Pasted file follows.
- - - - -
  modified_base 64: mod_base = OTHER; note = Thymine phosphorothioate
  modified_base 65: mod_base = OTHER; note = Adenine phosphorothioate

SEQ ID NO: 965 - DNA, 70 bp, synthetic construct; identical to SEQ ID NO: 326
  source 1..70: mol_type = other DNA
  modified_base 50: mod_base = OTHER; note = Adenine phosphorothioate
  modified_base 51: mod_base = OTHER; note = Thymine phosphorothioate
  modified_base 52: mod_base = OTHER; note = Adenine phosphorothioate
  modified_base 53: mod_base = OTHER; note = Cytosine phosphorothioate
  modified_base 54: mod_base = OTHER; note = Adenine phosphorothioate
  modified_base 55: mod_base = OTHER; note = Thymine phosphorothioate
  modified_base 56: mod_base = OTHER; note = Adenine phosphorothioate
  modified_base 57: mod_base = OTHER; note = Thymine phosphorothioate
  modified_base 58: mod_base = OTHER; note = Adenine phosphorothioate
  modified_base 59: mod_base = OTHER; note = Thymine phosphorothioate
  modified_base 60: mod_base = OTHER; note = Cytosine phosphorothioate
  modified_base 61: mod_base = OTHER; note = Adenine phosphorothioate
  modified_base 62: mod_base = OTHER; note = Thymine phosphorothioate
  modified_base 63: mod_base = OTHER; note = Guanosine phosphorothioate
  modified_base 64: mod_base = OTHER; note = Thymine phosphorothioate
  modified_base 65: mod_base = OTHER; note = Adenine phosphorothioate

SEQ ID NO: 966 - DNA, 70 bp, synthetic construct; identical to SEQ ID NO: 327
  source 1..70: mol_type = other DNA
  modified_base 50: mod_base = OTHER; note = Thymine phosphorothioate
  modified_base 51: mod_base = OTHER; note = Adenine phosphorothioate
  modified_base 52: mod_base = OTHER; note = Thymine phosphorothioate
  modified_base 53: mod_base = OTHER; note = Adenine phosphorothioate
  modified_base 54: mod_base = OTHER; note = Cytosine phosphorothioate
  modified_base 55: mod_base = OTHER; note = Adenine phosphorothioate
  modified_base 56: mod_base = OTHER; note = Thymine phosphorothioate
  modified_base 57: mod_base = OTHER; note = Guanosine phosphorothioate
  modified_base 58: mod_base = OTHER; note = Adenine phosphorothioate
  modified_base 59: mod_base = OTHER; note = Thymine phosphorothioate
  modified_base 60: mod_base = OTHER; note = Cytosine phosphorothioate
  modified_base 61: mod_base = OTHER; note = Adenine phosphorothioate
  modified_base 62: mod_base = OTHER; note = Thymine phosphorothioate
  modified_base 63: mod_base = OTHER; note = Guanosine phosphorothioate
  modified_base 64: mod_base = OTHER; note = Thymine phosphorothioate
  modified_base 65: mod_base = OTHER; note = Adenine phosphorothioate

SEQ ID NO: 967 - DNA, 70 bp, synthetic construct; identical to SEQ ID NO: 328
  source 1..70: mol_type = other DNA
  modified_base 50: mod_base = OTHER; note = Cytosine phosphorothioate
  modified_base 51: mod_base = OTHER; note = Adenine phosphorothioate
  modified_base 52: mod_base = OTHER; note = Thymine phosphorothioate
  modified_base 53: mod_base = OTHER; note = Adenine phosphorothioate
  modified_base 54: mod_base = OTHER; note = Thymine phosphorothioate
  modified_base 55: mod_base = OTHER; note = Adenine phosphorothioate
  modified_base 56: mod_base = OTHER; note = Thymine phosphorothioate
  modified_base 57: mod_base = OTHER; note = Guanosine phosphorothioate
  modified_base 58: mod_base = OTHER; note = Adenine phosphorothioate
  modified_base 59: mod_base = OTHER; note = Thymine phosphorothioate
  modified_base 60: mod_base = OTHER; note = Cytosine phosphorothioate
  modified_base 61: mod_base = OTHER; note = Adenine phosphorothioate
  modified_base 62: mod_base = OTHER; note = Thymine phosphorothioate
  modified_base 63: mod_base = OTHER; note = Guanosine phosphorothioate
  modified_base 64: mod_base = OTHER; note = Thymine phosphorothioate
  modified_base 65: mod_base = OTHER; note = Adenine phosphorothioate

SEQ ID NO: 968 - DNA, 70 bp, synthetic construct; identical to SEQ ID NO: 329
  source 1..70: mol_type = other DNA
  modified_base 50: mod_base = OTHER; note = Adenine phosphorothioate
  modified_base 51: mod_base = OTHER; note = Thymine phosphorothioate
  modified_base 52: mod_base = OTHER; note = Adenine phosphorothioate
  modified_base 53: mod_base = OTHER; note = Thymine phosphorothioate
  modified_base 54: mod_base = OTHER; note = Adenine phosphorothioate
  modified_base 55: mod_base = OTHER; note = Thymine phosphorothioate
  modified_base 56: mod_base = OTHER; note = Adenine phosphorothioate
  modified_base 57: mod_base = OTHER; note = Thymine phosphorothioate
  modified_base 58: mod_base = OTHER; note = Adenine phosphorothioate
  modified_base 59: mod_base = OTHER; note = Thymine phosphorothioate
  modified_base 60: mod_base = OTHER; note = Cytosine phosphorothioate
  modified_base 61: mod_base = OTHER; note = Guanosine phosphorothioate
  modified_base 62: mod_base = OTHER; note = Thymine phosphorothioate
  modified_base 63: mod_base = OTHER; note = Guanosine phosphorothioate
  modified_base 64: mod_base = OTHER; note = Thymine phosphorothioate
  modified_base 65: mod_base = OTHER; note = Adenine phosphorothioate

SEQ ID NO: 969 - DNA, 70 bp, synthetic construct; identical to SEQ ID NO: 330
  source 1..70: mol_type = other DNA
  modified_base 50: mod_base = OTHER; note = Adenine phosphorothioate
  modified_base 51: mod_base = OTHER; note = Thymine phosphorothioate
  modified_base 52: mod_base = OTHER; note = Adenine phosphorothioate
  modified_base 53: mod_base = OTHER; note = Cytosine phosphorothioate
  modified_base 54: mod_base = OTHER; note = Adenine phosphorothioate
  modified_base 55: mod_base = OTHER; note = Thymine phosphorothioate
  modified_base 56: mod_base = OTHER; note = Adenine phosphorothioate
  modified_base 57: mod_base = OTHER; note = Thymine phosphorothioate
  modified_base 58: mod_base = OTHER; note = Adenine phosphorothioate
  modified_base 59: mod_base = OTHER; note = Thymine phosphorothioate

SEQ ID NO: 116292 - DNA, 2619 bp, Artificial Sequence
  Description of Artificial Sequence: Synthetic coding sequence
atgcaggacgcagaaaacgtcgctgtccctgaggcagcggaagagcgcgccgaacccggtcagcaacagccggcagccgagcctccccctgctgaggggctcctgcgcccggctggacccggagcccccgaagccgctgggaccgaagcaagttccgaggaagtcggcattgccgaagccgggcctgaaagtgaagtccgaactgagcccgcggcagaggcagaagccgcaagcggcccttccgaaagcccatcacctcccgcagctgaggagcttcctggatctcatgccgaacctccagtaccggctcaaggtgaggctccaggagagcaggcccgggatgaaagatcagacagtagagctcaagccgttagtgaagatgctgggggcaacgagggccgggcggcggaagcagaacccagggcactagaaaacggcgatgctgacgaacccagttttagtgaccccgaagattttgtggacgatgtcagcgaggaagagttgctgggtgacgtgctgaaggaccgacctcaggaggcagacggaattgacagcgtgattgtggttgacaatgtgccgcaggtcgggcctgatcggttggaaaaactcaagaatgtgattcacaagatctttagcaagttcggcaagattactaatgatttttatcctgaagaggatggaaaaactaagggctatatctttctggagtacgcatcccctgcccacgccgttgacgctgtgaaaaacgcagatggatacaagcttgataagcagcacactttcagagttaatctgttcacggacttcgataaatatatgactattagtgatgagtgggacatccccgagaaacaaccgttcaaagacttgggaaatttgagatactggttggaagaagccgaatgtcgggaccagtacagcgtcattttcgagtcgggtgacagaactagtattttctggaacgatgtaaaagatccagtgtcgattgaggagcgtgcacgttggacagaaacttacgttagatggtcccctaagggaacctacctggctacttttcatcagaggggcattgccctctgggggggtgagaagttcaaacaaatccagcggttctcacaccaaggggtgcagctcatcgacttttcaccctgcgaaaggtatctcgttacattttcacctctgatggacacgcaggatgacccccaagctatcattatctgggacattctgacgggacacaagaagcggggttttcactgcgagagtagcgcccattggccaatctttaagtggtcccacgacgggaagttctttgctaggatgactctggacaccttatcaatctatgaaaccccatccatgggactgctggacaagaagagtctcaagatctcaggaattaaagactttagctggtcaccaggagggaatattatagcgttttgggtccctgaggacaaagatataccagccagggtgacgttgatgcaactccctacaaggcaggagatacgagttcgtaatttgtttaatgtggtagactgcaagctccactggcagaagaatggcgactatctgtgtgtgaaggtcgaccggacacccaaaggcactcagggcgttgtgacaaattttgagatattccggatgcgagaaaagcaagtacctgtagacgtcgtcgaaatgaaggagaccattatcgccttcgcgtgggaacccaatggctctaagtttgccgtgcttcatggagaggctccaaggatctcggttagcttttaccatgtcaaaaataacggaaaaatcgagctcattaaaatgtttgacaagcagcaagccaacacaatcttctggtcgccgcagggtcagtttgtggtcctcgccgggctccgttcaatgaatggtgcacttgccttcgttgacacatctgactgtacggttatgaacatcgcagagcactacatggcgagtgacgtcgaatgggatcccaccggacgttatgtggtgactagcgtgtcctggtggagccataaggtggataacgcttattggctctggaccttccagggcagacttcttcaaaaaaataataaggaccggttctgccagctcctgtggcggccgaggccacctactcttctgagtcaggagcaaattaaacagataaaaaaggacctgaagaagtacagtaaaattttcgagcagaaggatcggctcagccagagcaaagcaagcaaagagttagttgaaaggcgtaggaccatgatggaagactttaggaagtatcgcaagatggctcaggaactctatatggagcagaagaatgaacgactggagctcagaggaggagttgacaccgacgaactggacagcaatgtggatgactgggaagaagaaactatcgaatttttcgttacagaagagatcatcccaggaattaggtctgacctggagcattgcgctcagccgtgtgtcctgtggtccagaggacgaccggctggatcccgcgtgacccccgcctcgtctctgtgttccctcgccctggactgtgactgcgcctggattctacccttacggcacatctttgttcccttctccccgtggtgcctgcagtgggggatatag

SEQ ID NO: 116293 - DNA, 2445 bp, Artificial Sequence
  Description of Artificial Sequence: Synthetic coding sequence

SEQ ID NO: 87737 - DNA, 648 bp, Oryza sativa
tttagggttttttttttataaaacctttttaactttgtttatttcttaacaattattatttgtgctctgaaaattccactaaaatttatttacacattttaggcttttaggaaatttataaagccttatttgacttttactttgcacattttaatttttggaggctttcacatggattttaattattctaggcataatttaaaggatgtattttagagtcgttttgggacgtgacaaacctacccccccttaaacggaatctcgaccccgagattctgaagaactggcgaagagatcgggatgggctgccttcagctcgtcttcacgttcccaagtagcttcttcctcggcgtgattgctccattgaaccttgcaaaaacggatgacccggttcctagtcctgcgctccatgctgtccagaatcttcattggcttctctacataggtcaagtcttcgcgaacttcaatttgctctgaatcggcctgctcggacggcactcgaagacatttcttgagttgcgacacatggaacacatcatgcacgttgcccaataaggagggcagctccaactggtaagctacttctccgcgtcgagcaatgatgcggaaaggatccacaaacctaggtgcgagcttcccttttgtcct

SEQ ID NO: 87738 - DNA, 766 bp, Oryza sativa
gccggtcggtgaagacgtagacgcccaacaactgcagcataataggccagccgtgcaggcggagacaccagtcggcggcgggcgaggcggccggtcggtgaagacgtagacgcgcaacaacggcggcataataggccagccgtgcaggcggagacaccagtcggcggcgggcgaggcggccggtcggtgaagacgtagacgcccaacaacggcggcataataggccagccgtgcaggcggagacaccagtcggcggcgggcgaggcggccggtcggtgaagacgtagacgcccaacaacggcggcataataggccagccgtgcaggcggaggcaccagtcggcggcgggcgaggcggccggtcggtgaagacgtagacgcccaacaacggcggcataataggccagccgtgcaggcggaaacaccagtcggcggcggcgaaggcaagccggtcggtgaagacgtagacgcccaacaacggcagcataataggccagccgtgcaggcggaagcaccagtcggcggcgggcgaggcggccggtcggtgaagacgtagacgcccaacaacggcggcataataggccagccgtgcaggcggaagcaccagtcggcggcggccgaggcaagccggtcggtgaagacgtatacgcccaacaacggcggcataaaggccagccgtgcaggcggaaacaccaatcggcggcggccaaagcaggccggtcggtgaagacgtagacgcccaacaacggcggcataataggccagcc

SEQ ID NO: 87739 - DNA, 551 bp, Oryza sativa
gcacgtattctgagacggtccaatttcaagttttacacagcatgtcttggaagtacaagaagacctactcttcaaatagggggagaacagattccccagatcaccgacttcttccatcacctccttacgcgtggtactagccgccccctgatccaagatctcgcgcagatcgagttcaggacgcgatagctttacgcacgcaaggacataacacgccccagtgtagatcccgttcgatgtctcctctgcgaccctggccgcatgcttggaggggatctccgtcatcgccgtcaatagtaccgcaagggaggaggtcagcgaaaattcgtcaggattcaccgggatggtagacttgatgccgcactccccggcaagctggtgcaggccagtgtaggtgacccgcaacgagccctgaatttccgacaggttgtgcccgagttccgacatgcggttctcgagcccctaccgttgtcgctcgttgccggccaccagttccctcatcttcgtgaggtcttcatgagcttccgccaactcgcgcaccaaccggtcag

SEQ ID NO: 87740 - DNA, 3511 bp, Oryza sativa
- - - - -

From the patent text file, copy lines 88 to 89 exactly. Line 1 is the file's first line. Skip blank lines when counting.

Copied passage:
  Description of Artificial Sequence: Synthetic coding sequence
atgcaggacgcagaaaacgtcgctgtccctgaggcagcggaagagcgcgccgaacccggtcagcaacagccggcagccgagcctccccctgctgaggggctcctgcgcccggctggacccggagcccccgaagccgctgggaccgaagcaagttccgaggaagtcggcattgccgaagccgggcctgaaagtgaagtccgaactgagcccgcggcagaggcagaagccgcaagcggcccttccgaaagcccatcacctcccgcagctgaggagcttcctggatctcatgccgaacctccagtaccggctcaaggtgaggctccaggagagcaggcccgggatgaaagatcagacagtagagctcaagccgttagtgaagatgctgggggcaacgagggccgggcggcggaagcagaacccagggcactagaaaacggcgatgctgacgaacccagttttagtgaccccgaagattttgtggacgatgtcagcgaggaagagttgctgggtgacgtgctgaaggaccgacctcaggaggcagacggaattgacagcgtgattgtggttgacaatgtgccgcaggtcgggcctgatcggttggaaaaactcaagaatgtgattcacaagatctttagcaagttcggcaagattactaatgatttttatcctgaagaggatggaaaaactaagggctatatctttctggagtacgcatcccctgcccacgccgttgacgctgtgaaaaacgcagatggatacaagcttgataagcagcacactttcagagttaatctgttcacggacttcgataaatatatgactattagtgatgagtgggacatccccgagaaacaaccgttcaaagacttgggaaatttgagatactggttggaagaagccgaatgtcgggaccagtacagcgtcattttcgagtcgggtgacagaactagtattttctggaacgatgtaaaagatccagtgtcgattgaggagcgtgcacgttggacagaaacttacgttagatggtcccctaagggaacctacctggctacttttcatcagaggggcattgccctctgggggggtgagaagttcaaacaaatccagcggttctcacaccaaggggtgcagctcatcgacttttcaccctgcgaaaggtatctcgttacattttcacctctgatggacacgcaggatgacccccaagctatcattatctgggacattctgacgggacacaagaagcggggttttcactgcgagagtagcgcccattggccaatctttaagtggtcccacgacgggaagttctttgctaggatgactctggacaccttatcaatctatgaaaccccatccatgggactgctggacaagaagagtctcaagatctcaggaattaaagactttagctggtcaccaggagggaatattatagcgttttgggtccctgaggacaaagatataccagccagggtgacgttgatgcaactccctacaaggcaggagatacgagttcgtaatttgtttaatgtggtagactgcaagctccactggcagaagaatggcgactatctgtgtgtgaaggtcgaccggacacccaaaggcactcagggcgttgtgacaaattttgagatattccggatgcgagaaaagcaagtacctgtagacgtcgtcgaaatgaaggagaccattatcgccttcgcgtgggaacccaatggctctaagtttgccgtgcttcatggagaggctccaaggatctcggttagcttttaccatgtcaaaaataacggaaaaatcgagctcattaaaatgtttgacaagcagcaagccaacacaatcttctggtcgccgcagggtcagtttgtggtcctcgccgggctccgttcaatgaatggtgcacttgccttcgttgacacatctgactgtacggttatgaacatcgcagagcactacatggcgagtgacgtcgaatgggatcccaccggacgttatgtggtgactagcgtgtcctggtggagccataaggtggataacgcttattggctctggaccttccagggcagacttcttcaaaaaaataataaggaccggttctgccagctcctgtggcggccgaggccacctactcttctgagtcaggagcaaattaaacagataaaaaaggacctgaagaagtacagtaaaattttcgagcagaaggatcggctcagccagagcaaagcaagcaaagagttagttgaaaggcgtaggaccatgatggaagactttaggaagtatcgcaagatggctcaggaactctatatggagcagaagaatgaacgactggagctcagaggaggagttgacaccgacgaactggacagcaatgtggatgactgggaagaagaaactatcgaatttttcgttacagaagagatcatcccaggaattaggtctgacctggagcattgcgctcagccgtgtgtcctgtggtccagaggacgaccggctggatcccgcgtgacccccgcctcgtctctgtgttccctcgccctggactgtgactgcgcctggattctacccttacggcacatctttgttcccttctccccgtggtgcctgcagtgggggatatag